Neo-patrimonialism in Kenya.

Kenya’s founding fathers laid a weak foundation for the country when they got the reins to run it. For instance, the first president of Kenya, Mzee Jomo Kenyatta ensured that those loyal to him would get positions of power while those in opposition would be sidelined, simultaneously this relationship would translate into regional development. Development in the different regions in Kenya depends on what camp one’s region leaders lay in relation to those in power, hence Kisumu’s subpar development. Thus, the aforementioned factors underscore the fact that neo-patrimonialism is a prevalent style of leadership in Kenya.

Kenyatta ruled with an iron fist. When he reclaimed the land left by white settlers, he either took it for his family or redistributed it amongst his loyal friends. Today, his family is one of the richest families in the country. Before Uhuru Kenyatta’s 2012 elections, he had to prove that his family had acquired the land legally, which obviously he claimed to be. During Jomo Kenyatta’s presidency, a few assassinations happened,including that of Tom Mboya, J.M Kariuki amongst others, and they were believed to have been coordinated by people in President Kenyatta’s camp. When Daniel Moi took over as the second president of Kenya, he continued Kenyatta’s legacy of using loyalty and fear through mechanisms such as the Nyayo house, where his opponents such as Raila Ondinga were imprisoned and tortured without a fair hearing. Mwai Kibaki appeared to be just, but his true colors came out during the Anglo leasing scandal, which was coordinated by the Mount Kenya Mafia, which is made up of the same close elites mainly from the Kikuyu tribe. Uhuru Kenyatta has followed suit in his predecessor’s shoes by also hiring his loyal friends as the supposed “technocrats” or generally known as cabinet secretaries, despite not being experts in their particular ministerial fields. Leadership in Kenya has thus been influenced by the post colonial legacy of its founding fathers which created a ripple effect on to its subsequent leaderships, in which we witness an unchecked president in the presence of a checks and balance system, because it actually operates on loyalties and use of fear.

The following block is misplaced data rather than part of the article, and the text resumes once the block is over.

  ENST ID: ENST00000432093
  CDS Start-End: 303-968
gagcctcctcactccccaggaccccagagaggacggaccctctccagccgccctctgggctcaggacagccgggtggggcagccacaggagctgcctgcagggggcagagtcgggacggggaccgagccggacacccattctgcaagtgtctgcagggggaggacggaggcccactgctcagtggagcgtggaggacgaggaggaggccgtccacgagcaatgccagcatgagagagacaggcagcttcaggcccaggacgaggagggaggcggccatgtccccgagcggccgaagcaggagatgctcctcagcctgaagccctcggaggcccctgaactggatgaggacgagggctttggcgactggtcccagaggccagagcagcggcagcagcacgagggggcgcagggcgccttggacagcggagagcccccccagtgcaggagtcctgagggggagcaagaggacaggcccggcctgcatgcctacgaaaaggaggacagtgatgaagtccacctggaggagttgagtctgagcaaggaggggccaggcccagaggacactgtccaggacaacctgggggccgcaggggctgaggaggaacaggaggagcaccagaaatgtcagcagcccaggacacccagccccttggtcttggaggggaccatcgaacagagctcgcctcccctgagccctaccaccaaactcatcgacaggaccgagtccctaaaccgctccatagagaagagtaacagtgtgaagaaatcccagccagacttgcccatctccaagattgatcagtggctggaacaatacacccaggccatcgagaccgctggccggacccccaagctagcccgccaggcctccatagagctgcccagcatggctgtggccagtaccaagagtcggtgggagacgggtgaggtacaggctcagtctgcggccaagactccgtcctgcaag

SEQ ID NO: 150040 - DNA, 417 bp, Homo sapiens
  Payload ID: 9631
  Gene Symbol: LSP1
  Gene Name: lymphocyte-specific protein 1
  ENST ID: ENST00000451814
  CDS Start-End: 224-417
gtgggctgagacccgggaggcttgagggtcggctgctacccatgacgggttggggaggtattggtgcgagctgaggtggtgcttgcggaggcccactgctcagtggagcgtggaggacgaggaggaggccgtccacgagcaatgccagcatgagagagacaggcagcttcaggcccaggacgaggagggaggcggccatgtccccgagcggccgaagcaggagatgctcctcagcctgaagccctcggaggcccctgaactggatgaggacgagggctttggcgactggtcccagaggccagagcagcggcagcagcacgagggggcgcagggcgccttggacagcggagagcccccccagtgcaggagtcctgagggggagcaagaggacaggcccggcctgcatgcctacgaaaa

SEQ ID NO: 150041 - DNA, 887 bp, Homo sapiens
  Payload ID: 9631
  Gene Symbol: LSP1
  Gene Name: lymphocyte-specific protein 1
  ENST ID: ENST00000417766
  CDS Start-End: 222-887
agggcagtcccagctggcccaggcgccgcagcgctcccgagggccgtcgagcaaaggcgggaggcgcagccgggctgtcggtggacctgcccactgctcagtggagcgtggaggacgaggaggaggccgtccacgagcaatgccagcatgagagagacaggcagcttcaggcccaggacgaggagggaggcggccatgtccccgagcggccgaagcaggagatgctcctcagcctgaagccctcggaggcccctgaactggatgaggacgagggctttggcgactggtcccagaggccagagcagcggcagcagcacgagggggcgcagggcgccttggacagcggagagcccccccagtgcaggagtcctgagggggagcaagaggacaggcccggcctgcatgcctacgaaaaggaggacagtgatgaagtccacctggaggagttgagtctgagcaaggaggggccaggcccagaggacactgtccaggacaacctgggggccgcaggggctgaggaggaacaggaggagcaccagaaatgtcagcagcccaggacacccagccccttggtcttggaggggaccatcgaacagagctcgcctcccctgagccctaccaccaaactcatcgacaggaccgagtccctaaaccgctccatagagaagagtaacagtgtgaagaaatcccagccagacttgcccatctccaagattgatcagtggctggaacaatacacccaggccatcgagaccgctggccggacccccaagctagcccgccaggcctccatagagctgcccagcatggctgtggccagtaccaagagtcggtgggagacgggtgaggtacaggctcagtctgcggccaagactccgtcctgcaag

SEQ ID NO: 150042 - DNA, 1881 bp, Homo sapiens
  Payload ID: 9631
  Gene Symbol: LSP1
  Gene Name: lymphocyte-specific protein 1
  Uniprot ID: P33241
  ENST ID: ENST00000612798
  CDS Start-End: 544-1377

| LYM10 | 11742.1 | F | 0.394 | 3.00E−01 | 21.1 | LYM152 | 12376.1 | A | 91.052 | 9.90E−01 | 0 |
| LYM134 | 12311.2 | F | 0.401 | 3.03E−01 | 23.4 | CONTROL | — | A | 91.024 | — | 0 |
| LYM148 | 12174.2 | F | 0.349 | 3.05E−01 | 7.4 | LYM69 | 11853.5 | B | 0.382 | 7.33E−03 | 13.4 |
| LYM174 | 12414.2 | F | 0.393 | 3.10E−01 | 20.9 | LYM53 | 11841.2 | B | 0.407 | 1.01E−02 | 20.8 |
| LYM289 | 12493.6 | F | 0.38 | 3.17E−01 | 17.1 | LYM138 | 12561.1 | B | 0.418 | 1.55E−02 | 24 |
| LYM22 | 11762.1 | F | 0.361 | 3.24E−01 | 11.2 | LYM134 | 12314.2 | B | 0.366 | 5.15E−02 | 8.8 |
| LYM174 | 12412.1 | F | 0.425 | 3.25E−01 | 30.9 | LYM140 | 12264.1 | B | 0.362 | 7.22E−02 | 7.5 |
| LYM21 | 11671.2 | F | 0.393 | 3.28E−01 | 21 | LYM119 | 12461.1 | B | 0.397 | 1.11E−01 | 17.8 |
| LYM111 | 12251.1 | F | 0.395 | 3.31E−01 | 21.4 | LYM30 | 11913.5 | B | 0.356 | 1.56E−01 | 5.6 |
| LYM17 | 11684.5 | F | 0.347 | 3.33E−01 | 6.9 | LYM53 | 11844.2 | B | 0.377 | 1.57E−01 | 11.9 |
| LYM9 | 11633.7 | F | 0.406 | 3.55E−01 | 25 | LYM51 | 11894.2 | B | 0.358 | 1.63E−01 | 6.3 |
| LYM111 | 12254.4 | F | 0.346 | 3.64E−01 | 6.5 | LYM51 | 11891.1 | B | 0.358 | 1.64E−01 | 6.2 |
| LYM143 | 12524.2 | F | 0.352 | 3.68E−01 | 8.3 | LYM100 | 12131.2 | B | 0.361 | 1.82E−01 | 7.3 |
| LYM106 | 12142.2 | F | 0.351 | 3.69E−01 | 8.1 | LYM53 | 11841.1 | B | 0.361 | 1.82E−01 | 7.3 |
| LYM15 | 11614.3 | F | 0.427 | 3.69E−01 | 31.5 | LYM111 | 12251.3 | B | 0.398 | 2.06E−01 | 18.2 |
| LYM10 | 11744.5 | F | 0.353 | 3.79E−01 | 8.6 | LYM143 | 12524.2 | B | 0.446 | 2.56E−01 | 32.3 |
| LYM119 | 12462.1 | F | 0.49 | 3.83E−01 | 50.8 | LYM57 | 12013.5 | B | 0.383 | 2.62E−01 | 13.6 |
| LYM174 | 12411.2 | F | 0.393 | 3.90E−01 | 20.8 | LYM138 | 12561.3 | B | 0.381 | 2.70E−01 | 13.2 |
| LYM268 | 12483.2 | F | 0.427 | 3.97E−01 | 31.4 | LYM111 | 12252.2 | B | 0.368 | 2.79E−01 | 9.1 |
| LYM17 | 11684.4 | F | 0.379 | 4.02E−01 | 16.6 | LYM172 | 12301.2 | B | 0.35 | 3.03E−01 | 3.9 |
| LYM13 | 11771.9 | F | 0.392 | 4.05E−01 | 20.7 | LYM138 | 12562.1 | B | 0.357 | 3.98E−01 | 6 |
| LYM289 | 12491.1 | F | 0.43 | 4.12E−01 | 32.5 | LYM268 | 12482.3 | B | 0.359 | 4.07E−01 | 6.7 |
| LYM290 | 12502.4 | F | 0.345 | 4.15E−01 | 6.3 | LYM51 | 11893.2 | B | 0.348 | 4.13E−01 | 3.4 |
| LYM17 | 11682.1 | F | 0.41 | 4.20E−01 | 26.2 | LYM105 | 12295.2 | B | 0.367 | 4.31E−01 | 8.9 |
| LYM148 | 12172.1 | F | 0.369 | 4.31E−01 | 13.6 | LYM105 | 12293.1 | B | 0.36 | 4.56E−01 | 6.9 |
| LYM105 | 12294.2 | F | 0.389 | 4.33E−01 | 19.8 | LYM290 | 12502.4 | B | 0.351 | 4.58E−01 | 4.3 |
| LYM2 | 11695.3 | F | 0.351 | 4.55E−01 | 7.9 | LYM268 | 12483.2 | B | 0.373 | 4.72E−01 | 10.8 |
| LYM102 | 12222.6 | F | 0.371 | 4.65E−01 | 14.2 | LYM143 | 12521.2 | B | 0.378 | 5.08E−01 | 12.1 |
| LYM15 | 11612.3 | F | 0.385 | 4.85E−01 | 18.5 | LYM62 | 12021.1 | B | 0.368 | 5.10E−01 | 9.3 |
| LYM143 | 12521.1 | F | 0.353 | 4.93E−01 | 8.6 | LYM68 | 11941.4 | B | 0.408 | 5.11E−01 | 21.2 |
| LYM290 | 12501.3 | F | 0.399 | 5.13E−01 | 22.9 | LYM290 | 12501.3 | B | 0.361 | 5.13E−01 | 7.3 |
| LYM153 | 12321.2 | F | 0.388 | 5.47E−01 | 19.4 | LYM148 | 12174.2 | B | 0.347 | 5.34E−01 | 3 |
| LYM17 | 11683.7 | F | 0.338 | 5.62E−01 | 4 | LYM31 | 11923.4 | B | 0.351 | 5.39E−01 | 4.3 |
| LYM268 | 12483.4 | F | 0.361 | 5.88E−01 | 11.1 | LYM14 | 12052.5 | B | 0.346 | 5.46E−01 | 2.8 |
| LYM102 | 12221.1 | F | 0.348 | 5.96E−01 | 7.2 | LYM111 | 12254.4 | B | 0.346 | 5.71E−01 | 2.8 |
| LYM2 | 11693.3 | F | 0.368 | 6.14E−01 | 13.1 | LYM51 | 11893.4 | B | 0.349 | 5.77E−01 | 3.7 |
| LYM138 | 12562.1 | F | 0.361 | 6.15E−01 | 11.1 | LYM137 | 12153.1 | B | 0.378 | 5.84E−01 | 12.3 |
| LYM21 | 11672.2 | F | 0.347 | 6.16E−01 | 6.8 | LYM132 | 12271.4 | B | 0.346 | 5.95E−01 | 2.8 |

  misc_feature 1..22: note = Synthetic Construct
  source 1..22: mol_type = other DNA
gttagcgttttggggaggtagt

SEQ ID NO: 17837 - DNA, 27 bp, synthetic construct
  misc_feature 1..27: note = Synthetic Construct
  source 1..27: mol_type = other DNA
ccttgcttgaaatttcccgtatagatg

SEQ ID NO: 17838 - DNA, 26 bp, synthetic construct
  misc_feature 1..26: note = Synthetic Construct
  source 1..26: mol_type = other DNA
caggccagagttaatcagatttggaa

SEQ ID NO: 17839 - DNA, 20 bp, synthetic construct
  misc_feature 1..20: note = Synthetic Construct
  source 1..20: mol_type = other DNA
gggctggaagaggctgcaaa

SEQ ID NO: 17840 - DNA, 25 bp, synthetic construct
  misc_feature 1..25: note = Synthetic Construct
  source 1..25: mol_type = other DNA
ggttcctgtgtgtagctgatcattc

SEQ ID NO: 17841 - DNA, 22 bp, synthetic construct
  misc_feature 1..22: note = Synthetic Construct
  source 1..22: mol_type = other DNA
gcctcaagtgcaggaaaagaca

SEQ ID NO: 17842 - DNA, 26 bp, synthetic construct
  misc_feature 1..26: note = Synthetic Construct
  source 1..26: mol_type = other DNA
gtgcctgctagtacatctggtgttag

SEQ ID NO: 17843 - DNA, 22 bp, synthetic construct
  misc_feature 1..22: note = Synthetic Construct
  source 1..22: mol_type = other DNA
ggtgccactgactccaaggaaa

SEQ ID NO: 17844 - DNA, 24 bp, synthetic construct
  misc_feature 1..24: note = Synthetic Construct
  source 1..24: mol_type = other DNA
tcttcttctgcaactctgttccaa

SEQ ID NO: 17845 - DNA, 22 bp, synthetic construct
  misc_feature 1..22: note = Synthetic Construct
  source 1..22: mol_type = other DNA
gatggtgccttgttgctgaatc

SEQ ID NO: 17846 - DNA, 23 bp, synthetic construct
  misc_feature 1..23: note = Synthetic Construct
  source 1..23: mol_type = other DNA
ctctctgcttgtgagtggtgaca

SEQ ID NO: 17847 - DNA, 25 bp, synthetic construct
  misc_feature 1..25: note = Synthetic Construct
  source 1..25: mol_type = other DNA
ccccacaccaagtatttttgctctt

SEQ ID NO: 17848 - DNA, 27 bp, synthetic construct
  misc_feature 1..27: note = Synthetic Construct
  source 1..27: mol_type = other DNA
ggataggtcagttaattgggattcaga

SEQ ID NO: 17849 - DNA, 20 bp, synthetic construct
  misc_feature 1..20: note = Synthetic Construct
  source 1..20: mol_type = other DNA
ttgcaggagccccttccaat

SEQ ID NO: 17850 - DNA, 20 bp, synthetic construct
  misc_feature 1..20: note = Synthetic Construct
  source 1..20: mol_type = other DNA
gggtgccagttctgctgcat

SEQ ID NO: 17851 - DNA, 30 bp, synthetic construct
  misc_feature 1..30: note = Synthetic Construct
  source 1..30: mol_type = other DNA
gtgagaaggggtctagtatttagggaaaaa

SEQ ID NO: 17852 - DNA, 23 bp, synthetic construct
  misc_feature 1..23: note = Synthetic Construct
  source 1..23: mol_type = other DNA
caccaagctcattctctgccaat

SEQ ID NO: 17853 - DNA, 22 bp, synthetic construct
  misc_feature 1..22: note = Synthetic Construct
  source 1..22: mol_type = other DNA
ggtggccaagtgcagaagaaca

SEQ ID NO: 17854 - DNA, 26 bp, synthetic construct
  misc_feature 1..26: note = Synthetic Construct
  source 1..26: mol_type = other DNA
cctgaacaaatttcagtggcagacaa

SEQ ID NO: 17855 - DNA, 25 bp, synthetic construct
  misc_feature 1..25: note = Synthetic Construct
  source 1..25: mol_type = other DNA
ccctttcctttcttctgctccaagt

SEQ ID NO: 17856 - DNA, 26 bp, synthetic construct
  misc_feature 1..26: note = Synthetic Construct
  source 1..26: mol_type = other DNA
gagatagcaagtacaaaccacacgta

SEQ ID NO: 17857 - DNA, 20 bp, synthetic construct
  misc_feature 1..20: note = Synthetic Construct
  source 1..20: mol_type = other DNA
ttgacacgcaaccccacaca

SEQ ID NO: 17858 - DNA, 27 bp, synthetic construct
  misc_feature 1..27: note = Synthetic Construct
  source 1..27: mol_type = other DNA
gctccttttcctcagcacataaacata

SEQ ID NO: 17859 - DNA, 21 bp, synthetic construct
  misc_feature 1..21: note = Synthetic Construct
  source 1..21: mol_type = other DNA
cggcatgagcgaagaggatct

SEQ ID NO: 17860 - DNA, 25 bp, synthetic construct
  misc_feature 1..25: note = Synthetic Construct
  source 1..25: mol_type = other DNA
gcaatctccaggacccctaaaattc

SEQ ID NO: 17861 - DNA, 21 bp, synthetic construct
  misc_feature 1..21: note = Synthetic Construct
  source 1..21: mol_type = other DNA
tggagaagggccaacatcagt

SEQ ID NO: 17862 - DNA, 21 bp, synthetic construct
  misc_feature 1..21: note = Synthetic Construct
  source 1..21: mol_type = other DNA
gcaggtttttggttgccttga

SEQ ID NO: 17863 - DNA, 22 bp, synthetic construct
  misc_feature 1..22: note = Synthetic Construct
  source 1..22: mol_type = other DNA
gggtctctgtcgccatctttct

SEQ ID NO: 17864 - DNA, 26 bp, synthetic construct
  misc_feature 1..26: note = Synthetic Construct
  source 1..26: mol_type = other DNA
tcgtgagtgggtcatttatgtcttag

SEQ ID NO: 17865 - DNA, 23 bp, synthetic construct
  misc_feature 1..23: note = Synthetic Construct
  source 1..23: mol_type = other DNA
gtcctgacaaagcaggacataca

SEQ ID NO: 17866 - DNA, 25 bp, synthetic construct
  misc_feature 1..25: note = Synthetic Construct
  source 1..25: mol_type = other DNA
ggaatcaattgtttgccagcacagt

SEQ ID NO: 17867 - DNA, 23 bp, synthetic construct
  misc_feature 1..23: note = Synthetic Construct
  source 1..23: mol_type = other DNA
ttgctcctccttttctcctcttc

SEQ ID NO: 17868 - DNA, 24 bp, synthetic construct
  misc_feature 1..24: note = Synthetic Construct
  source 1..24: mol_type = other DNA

Jaramogi Oginga is from the Luo tribe and he was the first opposition leader of the country. Today, his son, Raila Odinga is also the leader of the opposition. They ail from the West of Kenya and despite the fact that Kisumu is the third city in the country, its general state cannot be compared to that of cities like Nairobi. The Luos, mainly located in the western Kenya particularly Kisumu, have always been in opposition to the government and this has translated to poor development in their region. “When President Uhuru Kenyatta vented his spleen at William ole Ntimama’s funeral [one of the longest serving MP’s] recently, he was mouthing 50 years of exasperation with a Luo political elite that has refused to join the feast.” This statement underlines what happens when one refuses to work closely with the most powerful political elites.

The international community intervened when the 2008 post election violence happened, which was caused by among other factors: challenge to a neo-patrimonial system trying to institute by force an unwanted president(Mwai Kibaki). Hence, the neo-patrimonial system doesn’t clearly affect Kenya’s relationship with its foreign partners, unless something major such as the P.E.V happens.


  2. Its Our Turn to Eat, Michela Wrong.



This entry was posted in Country Post. Bookmark the permalink.